- The 2019 actively managed cannabis ETF was one of the first to provide investors long risk exposure to the ever-popular marijuana democratization play.
- The inauguration of a cannabis friendly Democratic administration provided tailwinds for underlying securities to fly.
- Increasingly, it seems however that cannabis friendly policy has been priced in.
- Developments in interest rates have forced investors to scrutinize company financials more closely.
- Additionally, lucrative thematic expense ratios continue to attract competition from other fund houses.
Cannabis appears to have fallen off the radar. At least, that is perchance what mainstream financial infotainment would have you believe. It has been a while since storied cannabis ventures were showcased like they were during several widely covered public flotations.
Of course, the cannabis space is alive and well – the firms have not gone away but may have taken back seat, at least in the media, to vaccine roll outs, interest rate movements and imminent government policy.
The good news is that both remarkable progress in vaccine roll outs and Biden administration policy are likely to be positive for both retail and industrial cannabis segments. The bad news is that characteristics of the industry have not meaningfully changed - an adverse interest rate environment is evolving along with a potential political bun fight to get legislation passed.
While these factors may not wholeheartedly explain some of the price-action we have seen in the cannabis themed ETF space, undoubtedly, they have made some form of contribution as the category undergoes a degree of obvious consolidation. Numerous marijuana ETFs have pulled off their highs as investors come to grips with an increasingly reflationary environment which adversely impacts both big-narrative growth plays and long bonds.
For the fervent cannabis investor looking to take on exposure, changes in interest rates are something to carefully look out for, particularly for an industry which has gorged itself on cheap debt and lose money on a never-ending quest for growth.
Widespread societal acceptance of cannabis is becoming a growing global phenomenon.
The growing popularity of the “cannabis democratization” trade has attracted increasing attention from fund houses. Thematic investment plays dressed up as ETFs remain extremely lucrative for fund managers and popular often for investors wishing to embrace a social theme or set of values in the investment choices they make. This itself has spurned the ESG revolution highlighting the importance more informed investors place on social impact of their trades.
And along comes (NYSEARCA:YOLO) – one of the O.Gs in the broad cannabis ETF market. Among the pioneers in cannabis investing, the product has caught investor attention – not only due to AdvisorShares’ track record of bringing to market and managing exciting ETFs but also due to its catchy ticker - YOLO often more readily used jargon to describe hitting home runs on over leveraged option plays rather than a long-term passive investment. Maybe YOIO (You Only Invest Once) would have been more fitting. Neutral.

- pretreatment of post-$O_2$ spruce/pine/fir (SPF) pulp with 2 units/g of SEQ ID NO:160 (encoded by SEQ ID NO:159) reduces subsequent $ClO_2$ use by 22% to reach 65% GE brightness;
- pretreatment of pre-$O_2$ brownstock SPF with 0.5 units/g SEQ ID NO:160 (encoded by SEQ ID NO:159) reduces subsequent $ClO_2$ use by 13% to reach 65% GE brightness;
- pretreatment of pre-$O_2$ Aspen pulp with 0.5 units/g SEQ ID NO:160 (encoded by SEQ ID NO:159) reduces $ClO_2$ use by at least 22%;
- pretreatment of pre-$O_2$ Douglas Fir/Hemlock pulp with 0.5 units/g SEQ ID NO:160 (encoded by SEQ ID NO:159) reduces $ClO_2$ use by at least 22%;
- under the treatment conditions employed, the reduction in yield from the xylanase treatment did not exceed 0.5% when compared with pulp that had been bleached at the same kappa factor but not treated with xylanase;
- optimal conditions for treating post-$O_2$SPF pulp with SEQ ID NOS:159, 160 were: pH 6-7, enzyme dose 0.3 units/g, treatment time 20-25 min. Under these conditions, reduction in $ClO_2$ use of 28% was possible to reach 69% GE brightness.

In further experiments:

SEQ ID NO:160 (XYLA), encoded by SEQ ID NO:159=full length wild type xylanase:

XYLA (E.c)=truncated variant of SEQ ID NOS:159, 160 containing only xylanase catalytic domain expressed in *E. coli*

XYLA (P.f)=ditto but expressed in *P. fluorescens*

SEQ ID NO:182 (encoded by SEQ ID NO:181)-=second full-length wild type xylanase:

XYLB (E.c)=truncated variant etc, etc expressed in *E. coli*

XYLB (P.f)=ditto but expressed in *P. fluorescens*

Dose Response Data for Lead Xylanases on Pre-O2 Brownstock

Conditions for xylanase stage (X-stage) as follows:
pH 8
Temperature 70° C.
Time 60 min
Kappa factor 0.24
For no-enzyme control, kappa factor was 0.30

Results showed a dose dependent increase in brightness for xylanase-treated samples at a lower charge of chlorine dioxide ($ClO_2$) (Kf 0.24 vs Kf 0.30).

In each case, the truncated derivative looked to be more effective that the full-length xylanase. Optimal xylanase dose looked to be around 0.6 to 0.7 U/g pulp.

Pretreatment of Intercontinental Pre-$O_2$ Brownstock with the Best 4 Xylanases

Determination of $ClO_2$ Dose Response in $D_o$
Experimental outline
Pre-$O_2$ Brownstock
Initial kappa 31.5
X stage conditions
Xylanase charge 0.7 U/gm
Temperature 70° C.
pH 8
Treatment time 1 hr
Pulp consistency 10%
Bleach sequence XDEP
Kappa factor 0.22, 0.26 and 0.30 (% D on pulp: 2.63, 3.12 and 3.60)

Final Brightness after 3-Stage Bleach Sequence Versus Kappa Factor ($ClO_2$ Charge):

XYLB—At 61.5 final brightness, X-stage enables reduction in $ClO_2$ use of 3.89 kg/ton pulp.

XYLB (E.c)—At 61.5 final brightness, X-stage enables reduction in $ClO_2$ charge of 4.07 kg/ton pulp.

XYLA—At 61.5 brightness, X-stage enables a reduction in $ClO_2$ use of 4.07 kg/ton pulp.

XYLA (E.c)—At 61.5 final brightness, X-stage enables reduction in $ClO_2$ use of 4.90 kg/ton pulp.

Source: Market Chameleon
AdvisorShares Pure Cannabis ETF is exactly just that – a pioneering pure play marijuana set-up allowing investors to take on risk exposure to this growing industry without necessarily doing the individual stock picking groundwork. The fund is actively managed with Dan Ahrens doing a commendable job in handpicking underlying assets – primarily small to mid-tier companies which generate 50% of revenues broadly through cannabis and marijuana trade.
It is not the only marijuana focused ETF the fund manager actively promotes – both (VICE) and (MSOS) compliment AdvisorShares product range while covering specific niches. Regarding YOLO, key attributes include dedicated cannabis exposure to consumer products, emerging growth characteristics of the underlying securities and market consolidation potential (merger & acquisition targets)
A key theme YOLO emphasizes is the parallel with the post prohibition era where societal, business, and legislative changes formed the perfect storm, allowing for compelling long-term growth opportunities thereafter.
1-year total returns for YOLO have been among the best in class with the fund having delivered +216.29% during the period. This compares with (CNBS), the only fund to have outperformed (+241.31%). Both funds, leaders in the segment, convincingly outpaced the peer group (MJ) +104.93%, (TOKE) +104.82%, (VICE) +83.86% and (MSOS) +74.02%. Overall growth for the sector was explosive to say the least, with thematic cannabis plays outpacing all main indexes.
More recently however, we have seen the cannabis space trade sideways as changes in interest rates force a rethink of portfolio composition and investors rotate back into boring, summary yet dependable, established household names.
YOLO has a 3-pronged bottom-up approach to security identification which embraces the fund’s investment goals – invest in long-term growth opportunities with significant upside potential, a leadership edge and potential to benefit from industry consolidation.
YOLO is predominantly exposed to mid to small tier firms with a clear focus on North America. Both Canadian and US equities play a prominent role in the fund’s make-up. About 3.6% of the fund’s circa $400M in assets under management is held as cash at any one time, providing the fund manager with the flexibility to actively manage the portfolio.